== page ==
Flagg can be reserved at times, but there’s nothing that puts a smile on his face more than being at home. The Nokomis gym and the faces in it, he noted, were the reminder of big moments such as championships and the little (yet no less memorable) ones such as bus rides and team dinners. 

He relishes that even more now that he doesn’t have the chance to do it every day. It’s one of the few times he’s been able to come back to Maine since going to Montverde, which is in the midst of somewhat of a lull schedule-wise after completing its regular season a month ago.


AUGUSTA, MAINE – FEBRUARY 25, 2022 Nokomis High SchoolÕs Cooper Flagg (32) scores with authority against Brewer High SchoolÕs in the boys Class A North finals game at the Augusta Civic Center on Saturday, February 26, 2022. (Staff Photo by Michael G. Seamans/Staff Photographer) Michael G. Seamans/Morning Sentinel

Going a month between games hasn’t, though, meant Flagg hasn’t been busy. Montverde is currently preparing for GEICO Nationals, an eight-team tournament that will pit the Eagles against eight of the other top prep teams in the country. It’s a practice regiment, he said, that’s known as “boot camp.”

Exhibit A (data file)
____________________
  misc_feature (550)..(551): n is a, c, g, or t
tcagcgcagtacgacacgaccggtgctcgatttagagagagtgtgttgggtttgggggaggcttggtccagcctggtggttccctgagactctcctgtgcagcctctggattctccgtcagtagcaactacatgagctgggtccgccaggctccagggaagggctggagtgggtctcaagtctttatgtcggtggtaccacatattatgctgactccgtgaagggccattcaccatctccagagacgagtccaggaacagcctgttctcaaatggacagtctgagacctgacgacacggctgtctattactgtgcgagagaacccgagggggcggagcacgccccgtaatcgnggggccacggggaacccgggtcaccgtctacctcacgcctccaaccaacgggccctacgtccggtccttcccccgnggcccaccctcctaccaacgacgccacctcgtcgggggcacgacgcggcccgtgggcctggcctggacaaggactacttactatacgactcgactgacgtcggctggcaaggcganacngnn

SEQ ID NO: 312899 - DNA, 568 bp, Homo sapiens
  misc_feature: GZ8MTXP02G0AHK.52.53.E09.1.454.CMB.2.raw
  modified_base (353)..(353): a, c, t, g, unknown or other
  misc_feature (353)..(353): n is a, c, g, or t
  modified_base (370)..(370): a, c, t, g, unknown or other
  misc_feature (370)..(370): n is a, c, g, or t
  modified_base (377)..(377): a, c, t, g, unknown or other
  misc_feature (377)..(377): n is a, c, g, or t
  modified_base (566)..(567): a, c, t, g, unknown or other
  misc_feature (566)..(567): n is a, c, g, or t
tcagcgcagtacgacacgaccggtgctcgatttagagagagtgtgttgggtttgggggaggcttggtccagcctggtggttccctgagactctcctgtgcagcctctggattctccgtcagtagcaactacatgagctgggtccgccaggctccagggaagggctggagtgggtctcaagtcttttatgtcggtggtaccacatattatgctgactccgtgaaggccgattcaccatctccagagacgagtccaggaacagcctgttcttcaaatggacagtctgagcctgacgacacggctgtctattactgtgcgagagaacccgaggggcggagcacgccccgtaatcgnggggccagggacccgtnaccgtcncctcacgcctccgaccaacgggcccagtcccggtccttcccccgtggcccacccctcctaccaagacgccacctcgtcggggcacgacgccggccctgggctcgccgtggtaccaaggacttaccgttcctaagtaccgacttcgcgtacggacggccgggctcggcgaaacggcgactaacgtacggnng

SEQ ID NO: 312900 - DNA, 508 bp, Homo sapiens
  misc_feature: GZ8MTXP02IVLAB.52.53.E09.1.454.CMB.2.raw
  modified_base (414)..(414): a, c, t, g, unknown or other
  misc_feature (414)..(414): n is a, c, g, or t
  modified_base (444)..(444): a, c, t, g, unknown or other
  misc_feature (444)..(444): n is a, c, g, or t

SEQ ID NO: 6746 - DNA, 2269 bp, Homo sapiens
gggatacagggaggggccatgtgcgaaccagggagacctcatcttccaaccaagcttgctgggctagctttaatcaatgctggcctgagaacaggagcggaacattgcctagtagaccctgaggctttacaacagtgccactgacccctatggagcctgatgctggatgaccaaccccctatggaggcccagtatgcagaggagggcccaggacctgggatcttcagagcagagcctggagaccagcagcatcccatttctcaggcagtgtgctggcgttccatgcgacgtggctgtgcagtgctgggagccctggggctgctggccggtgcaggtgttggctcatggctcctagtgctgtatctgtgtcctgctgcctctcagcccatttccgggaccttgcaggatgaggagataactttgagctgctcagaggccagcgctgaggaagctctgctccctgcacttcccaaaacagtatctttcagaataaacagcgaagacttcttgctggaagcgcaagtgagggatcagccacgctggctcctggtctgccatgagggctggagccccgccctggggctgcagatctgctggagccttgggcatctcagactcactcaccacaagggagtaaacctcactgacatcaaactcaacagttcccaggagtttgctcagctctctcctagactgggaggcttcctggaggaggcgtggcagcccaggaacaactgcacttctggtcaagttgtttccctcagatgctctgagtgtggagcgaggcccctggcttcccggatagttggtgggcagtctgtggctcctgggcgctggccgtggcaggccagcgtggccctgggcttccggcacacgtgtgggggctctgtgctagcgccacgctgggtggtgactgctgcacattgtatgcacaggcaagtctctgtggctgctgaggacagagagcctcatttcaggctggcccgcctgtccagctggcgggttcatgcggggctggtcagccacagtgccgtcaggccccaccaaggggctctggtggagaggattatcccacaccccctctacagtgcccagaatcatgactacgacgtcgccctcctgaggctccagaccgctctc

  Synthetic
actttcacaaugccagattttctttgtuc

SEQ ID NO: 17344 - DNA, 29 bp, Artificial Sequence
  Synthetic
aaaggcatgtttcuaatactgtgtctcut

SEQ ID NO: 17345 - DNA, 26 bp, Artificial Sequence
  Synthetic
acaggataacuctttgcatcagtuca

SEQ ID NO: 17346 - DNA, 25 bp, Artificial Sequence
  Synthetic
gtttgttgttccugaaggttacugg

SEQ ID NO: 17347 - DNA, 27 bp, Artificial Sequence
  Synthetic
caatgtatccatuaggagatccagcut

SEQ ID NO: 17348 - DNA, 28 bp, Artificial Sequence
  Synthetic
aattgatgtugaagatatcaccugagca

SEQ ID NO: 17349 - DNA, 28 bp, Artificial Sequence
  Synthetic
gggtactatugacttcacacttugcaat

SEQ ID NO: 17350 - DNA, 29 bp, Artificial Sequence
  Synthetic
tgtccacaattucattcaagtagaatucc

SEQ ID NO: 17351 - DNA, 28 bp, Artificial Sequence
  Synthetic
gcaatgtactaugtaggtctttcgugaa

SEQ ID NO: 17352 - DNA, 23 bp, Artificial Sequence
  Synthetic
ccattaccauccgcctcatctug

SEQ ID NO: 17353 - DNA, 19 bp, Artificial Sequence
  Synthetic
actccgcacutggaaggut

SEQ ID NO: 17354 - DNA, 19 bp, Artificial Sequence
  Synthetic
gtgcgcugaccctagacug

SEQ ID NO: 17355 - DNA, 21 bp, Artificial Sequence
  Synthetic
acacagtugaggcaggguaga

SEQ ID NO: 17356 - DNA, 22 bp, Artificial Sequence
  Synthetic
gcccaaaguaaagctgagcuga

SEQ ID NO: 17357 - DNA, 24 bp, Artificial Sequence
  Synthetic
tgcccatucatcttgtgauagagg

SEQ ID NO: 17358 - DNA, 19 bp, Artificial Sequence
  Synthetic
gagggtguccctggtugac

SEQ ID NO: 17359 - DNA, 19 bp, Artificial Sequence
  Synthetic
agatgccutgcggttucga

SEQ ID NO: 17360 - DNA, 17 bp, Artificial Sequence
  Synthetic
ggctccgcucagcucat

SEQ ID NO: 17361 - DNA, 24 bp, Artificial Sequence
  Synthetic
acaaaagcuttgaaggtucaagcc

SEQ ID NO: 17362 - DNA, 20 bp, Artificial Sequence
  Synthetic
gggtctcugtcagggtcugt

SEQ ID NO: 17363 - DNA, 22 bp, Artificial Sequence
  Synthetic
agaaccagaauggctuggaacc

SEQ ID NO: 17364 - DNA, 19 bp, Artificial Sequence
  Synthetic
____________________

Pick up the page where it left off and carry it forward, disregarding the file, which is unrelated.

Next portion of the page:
“There are some tough practices, but I’ve just come to realize that that’s just something that’s going to help us in the long run,” Flagg said. “It’s really about grinding and working harder to get better every day. That’s what really matters, and if you’re getting better, it’s all worth it.”

He knows Maine is behind him in that journey. Flagg, in his own words, feels he “hasn’t played exceptionally well all season.” That might sound ludicrous coming from someone who was named a Naismith High School All-American second-teamer and the Team USA Men’s Player of the Year, but such is the standard to which Flagg holds himself.

There was one stretch of play, though, in which Flagg felt otherwise about his game this season: mid-January’s Hoophall Classic in Springfield, Massachusetts. With that tournament somewhat closer to home, many friends and family members were in attendance — and his elevated play, he told the crowd, didn’t feel like a coincidence.

“There were 150 people that I recognized in the stands the whole time,” Flagg said. “I think I had my best game of the year that night, and I think that’s because of the community support that was there lifting me up. … I think that’s a core memory that I’m always going to hold onto.”

The scenes of family and friends in the stands, of course, aren’t as common for Flagg now that his games are in Massachusetts, Indiana, Arizona and the like rather than in Newport, Skowhegan, Augusta or Brewer. He knows, though, that he’s still a source of inspiration for thousands back home.

“It’s great to know that I have so many people in Maine still supporting me,” Flagg said. “I have to give a shoutout to all of them for still watching me and cheering me on from here on out.”

Yes, Maine is still watching — and as long as Cooper Flagg is doing Cooper Flagg things, that watching won’t stop.